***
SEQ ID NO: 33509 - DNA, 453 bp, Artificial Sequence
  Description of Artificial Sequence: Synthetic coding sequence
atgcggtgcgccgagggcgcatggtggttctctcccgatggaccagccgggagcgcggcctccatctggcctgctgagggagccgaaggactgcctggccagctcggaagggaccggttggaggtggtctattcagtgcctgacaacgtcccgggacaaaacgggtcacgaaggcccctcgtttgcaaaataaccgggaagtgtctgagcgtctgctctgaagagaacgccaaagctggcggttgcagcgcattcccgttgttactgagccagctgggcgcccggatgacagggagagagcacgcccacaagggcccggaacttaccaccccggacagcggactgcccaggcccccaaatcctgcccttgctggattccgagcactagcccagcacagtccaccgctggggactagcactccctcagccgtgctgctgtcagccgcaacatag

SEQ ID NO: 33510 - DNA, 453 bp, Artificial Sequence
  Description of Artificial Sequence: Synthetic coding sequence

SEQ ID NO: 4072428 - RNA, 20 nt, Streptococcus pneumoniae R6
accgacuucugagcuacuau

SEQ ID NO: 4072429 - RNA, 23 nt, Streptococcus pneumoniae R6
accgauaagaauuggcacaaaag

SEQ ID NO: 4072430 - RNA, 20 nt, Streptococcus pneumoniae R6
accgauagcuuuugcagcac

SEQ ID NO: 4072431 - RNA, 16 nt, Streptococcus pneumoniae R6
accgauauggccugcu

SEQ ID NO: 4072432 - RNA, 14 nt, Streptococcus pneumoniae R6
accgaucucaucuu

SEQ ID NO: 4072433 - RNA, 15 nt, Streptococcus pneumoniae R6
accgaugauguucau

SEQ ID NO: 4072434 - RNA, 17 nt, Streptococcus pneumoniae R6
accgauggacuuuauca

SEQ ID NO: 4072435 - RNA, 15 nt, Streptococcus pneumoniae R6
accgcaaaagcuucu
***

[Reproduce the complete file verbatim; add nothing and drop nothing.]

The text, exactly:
SEQ ID NO: 33509 - DNA, 453 bp, Artificial Sequence
  Description of Artificial Sequence: Synthetic coding sequence
atgcggtgcgccgagggcgcatggtggttctctcccgatggaccagccgggagcgcggcctccatctggcctgctgagggagccgaaggactgcctggccagctcggaagggaccggttggaggtggtctattcagtgcctgacaacgtcccgggacaaaacgggtcacgaaggcccctcgtttgcaaaataaccgggaagtgtctgagcgtctgctctgaagagaacgccaaagctggcggttgcagcgcattcccgttgttactgagccagctgggcgcccggatgacagggagagagcacgcccacaagggcccggaacttaccaccccggacagcggactgcccaggcccccaaatcctgcccttgctggattccgagcactagcccagcacagtccaccgctggggactagcactccctcagccgtgctgctgtcagccgcaacatag

SEQ ID NO: 33510 - DNA, 453 bp, Artificial Sequence
  Description of Artificial Sequence: Synthetic coding sequence

SEQ ID NO: 4072428 - RNA, 20 nt, Streptococcus pneumoniae R6
accgacuucugagcuacuau

SEQ ID NO: 4072429 - RNA, 23 nt, Streptococcus pneumoniae R6
accgauaagaauuggcacaaaag

SEQ ID NO: 4072430 - RNA, 20 nt, Streptococcus pneumoniae R6
accgauagcuuuugcagcac

SEQ ID NO: 4072431 - RNA, 16 nt, Streptococcus pneumoniae R6
accgauauggccugcu

SEQ ID NO: 4072432 - RNA, 14 nt, Streptococcus pneumoniae R6
accgaucucaucuu

SEQ ID NO: 4072433 - RNA, 15 nt, Streptococcus pneumoniae R6
accgaugauguucau

SEQ ID NO: 4072434 - RNA, 17 nt, Streptococcus pneumoniae R6
accgauggacuuuauca

SEQ ID NO: 4072435 - RNA, 15 nt, Streptococcus pneumoniae R6
accgcaaaagcuucu